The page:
Circa, a mobile news reader for iOS and Android which, to date, has focused on offering users short, easily digestible news stories that allow you to more quickly consume news while on the go, is making a notable change to its service today: it’s expanding to the web. On a new website at CircaNews.com, the company is taking its summarized news stories to the big screen in an effort to cater to users’ “mobile lifestyles,” the company says, rather than just delivering its content to their mobile devices.
That is, the idea with the web version of Circa is to offer users a way to read the news in brief as they move in between their devices – laptop, desktop, tablet or smartphone. While Circa’s apps are meant to be read as you have a few minutes of downtime and are away from your PC, the website version of the news service is something you could pull up as you have lunch at your desk, or when you want to check in on the top stories before you start your day, for example.
The company believes the website will also help generate more exposure for its mobile applications, which may be struggling to find their audience. According to data from App Annie, its iOS app is today ranked #91 in the U.S. News category on the App Store, and its Google Play app is #238 in the U.S. News & Magazines category. Today, many mobile users are still turning to news brands they already know, including both old and new media, like CNN, Fox News, BuzzFeed, Aol, NYT, WSJ, Yahoo and others.
Meanwhile, other news summarizers and aggregators like Yahoo News Digest and Google News & Weather are more highly ranked, and newcomer SmartNews, which promises “all your news in seconds” has quickly become one of the top apps for catching up on the go, holding the #3 spot in the News category on iTunes.
Circa declined to detail its user numbers on mobile.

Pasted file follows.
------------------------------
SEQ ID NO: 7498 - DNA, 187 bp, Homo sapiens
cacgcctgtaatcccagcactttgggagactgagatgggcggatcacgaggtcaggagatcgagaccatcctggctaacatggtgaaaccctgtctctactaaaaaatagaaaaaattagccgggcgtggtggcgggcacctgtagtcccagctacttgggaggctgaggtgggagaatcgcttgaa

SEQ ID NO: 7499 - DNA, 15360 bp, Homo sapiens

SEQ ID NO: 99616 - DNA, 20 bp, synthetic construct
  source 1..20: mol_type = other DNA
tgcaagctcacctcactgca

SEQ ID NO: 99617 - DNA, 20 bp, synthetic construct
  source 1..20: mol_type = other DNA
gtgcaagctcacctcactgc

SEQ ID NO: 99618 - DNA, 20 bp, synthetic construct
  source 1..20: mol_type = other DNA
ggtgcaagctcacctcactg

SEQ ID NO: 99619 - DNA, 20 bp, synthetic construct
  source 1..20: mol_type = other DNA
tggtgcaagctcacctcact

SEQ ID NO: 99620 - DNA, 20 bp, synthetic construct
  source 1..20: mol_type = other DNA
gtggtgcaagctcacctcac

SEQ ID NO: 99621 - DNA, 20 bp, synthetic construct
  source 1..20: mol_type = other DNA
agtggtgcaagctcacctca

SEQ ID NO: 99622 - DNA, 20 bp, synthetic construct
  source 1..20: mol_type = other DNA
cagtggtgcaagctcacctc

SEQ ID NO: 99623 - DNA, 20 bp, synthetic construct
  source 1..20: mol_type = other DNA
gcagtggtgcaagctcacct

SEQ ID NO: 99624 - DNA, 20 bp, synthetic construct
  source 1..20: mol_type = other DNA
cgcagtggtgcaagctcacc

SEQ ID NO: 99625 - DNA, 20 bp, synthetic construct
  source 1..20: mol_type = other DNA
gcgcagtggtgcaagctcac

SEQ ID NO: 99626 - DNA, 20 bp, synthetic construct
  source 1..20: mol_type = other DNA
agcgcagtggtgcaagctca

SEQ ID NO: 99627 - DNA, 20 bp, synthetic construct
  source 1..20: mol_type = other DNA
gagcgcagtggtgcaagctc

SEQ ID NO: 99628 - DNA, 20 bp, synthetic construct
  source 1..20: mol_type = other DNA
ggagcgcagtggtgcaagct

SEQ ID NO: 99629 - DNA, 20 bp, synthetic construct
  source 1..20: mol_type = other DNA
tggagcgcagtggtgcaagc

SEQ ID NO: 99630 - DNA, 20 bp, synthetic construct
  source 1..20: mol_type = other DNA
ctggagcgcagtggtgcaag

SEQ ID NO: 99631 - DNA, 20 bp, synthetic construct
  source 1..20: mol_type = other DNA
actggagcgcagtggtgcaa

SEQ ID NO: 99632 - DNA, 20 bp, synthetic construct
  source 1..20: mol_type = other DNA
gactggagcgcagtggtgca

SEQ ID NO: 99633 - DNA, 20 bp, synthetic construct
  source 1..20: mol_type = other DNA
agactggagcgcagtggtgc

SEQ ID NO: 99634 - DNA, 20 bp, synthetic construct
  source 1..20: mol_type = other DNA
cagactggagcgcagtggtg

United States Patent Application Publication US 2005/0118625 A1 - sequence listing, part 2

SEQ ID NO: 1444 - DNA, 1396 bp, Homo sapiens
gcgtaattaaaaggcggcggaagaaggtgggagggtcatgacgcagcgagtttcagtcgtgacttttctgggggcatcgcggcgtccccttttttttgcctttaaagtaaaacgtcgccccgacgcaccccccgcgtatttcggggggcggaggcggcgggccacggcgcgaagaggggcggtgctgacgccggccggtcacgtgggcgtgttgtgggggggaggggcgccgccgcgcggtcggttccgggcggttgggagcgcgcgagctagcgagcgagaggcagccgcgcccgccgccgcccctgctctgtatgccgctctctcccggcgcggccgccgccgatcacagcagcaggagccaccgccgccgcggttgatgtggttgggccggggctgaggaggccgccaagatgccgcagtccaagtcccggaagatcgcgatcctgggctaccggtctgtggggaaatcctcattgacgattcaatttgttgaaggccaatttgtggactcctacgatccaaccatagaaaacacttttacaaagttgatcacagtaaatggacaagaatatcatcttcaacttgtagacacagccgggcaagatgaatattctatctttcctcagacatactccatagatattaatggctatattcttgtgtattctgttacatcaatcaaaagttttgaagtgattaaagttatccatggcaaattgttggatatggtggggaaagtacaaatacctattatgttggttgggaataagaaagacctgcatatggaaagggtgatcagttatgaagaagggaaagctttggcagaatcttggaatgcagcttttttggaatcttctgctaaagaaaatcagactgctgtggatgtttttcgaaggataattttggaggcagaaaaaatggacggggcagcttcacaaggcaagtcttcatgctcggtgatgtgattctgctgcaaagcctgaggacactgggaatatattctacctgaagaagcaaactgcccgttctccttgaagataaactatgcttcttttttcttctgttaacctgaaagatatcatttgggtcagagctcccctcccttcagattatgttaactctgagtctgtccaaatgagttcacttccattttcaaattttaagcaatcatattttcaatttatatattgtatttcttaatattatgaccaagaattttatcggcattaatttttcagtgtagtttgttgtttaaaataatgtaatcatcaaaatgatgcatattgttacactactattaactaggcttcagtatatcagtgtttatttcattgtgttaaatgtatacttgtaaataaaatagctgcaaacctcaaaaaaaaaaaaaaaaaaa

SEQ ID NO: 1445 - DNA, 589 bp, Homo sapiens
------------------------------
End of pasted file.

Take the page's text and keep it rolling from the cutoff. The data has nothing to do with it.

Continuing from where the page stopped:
Circa’s decision to expand to the web follows that of another news magazine, Flipboard, which also brought its mobile-first social news reader to the web earlier this month, saying the experience would allow them to showcase news stories in a different way that readers were used to on traditional news sites, while also offering the company a new way to generate ad revenue in the future.
Similarly, with Circa’s web version, users are presented with a different type of interface for consuming news – one that’s focused on letting you quickly peruse the short summaries, optionally clicking into those you want to read more about, and clicking “follow story” to receive updates about the story’s development on both the web or your smartphone as more information becomes available.
The “follow story” option, which is one of Circa’s more differentiated features, is also something that can help re-engage users as they move from web to their mobile devices. And by connecting it with an online property, it could potentially boost app usage.
Circa’s move to the web could allow it, too, to eventually monetize via advertisements, but the company tells us it has no plans to do so at launch, but will move into this space in either Q2 or Q3.